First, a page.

The way I imagine it, during the block proposal stage (as opposed to the state execution) the tx only needs to be included in the “originating” shard (the shard where the tx from address resides. or in a null_sender/account abstraction model, the to address).

All shard validators are light clients for all shards, right? Then during state execution (this is delayed state execution, so validators are making state root claims well after blocks have been proposed), validators look at the shard block headers for all shards, to see if there are any cross-shard transactions which touch that validator’s shard at that slot.


#5

That would not work. Suppose a transaction in shard B1 affected (A.x, B1,y), and a transaction in shard B2 affected (A.x, B2.y) … up to B100. Suppose the B[i] is always the originator. Then, there would be 100 transactions touching A where the execution of any one transaction would depend on all of the previous transactions, and there would be no limit to how high the tower could go. Alternatively, one could imagine a chain of transactions (B1.x, B2.x), (B2.x, B3.x) …, each of which depended on the outcome of the previous, so calculating the result of (B99.x, B100.x) would require calculating the transactions on all other shards.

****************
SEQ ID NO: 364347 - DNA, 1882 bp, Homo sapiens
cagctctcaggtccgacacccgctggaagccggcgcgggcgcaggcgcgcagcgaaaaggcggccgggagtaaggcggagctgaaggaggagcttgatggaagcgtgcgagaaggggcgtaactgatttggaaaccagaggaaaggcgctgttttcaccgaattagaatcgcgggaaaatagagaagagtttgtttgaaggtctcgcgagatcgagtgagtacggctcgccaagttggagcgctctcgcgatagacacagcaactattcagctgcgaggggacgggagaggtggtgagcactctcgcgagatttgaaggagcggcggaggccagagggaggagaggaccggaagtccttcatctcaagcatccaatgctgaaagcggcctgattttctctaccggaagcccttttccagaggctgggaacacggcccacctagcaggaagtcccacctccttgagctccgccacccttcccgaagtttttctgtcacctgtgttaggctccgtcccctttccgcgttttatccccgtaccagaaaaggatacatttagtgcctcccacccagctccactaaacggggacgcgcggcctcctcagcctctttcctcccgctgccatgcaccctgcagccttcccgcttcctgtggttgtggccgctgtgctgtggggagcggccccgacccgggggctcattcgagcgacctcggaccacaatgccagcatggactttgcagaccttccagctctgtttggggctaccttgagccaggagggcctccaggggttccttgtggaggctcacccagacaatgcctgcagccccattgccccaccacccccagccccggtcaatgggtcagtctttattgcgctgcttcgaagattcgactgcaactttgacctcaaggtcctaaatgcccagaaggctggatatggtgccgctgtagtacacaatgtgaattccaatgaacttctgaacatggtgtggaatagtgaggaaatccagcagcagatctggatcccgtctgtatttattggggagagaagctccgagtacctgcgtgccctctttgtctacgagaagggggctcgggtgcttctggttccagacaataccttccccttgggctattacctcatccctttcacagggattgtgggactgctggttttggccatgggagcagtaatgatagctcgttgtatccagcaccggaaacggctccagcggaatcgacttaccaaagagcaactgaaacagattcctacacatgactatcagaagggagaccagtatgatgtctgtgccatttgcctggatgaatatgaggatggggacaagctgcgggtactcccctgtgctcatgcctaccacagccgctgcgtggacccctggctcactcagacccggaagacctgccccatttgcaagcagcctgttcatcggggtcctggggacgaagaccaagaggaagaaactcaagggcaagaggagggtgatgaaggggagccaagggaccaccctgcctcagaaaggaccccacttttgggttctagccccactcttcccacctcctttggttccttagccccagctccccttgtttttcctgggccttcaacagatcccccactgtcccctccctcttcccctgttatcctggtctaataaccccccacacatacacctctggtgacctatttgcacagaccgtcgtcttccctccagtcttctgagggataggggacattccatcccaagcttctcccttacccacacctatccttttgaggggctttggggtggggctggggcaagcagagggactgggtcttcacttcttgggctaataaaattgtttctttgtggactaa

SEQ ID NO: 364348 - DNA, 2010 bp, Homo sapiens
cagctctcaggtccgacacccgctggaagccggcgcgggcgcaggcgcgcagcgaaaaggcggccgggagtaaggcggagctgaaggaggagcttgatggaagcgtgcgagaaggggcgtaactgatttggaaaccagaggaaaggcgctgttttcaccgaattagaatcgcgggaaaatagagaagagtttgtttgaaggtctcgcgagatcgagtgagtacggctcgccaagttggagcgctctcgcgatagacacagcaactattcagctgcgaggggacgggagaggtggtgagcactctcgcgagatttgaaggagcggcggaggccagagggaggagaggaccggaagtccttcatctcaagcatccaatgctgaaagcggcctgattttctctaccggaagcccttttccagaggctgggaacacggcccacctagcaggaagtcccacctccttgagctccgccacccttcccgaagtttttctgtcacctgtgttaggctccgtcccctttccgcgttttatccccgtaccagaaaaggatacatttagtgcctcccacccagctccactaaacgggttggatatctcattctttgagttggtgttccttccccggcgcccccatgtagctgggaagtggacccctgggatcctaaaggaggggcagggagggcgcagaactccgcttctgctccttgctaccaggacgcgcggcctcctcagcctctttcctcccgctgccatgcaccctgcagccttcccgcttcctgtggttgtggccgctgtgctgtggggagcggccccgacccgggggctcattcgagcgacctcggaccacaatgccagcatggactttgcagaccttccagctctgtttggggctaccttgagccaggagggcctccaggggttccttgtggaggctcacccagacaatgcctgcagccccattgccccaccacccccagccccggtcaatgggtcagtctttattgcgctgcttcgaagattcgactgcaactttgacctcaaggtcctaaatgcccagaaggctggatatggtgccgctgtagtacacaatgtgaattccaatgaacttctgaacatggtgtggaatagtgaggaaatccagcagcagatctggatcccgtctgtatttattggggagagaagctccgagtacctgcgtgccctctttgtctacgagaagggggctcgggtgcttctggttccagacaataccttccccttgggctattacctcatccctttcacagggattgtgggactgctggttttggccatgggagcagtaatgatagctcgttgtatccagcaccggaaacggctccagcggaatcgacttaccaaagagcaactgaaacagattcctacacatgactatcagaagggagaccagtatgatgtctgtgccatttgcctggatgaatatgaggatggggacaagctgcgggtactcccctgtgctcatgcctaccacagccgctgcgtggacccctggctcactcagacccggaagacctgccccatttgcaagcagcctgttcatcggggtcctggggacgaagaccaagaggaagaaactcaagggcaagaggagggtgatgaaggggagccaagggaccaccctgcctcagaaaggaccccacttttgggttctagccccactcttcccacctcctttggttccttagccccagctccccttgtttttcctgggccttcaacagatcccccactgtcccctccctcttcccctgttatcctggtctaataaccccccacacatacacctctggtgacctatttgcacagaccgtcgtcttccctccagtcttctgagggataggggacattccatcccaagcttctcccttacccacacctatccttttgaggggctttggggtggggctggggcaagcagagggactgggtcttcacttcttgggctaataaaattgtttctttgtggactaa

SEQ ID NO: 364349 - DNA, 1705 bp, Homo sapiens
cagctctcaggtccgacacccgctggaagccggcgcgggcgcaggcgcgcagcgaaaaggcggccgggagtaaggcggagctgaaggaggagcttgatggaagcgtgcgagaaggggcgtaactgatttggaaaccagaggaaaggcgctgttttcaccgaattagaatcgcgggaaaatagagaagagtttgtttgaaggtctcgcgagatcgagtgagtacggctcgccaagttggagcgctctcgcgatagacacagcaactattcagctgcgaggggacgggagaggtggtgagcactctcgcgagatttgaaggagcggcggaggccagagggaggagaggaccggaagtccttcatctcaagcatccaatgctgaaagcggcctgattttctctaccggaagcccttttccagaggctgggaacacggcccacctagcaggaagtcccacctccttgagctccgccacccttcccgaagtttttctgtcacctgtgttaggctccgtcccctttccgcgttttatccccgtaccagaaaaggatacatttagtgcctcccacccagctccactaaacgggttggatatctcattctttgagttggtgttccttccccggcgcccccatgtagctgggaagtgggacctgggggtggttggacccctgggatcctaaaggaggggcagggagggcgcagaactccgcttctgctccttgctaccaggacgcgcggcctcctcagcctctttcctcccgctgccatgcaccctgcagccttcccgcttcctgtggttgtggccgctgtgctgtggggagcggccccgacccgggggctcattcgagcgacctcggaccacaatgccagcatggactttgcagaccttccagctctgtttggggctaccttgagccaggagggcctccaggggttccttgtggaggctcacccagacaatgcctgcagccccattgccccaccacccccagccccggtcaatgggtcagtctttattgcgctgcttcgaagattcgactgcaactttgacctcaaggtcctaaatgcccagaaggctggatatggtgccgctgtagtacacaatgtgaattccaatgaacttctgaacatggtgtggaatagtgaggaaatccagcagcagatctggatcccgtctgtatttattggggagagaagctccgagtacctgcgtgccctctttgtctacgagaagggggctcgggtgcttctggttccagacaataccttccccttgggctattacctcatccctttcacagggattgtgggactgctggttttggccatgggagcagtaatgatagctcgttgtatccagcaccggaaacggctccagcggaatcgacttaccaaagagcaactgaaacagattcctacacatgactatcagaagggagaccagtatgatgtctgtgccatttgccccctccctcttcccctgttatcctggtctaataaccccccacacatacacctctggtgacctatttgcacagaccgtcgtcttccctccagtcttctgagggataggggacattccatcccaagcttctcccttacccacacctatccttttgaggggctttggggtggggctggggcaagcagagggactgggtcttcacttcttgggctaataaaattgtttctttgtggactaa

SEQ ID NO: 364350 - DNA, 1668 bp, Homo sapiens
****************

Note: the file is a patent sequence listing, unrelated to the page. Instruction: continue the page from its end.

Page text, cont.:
#6

I don’t understand your notation (x/y/B2.y/etc), but what if each shard is constrained to only have one cross-shard transaction per block? Then if there are 100 shards, the tower is limited to 100 transactions.


#7

Sorry, (A.x, B.y) means “a transaction that affects account x of shard A and account y of shard B”.

Sure, if you constrain each shard to have one cross-shard transaction per block, that would actually limit the tower to one transaction because it would force disjointness. But that’s a very low level of throughput to be targeting.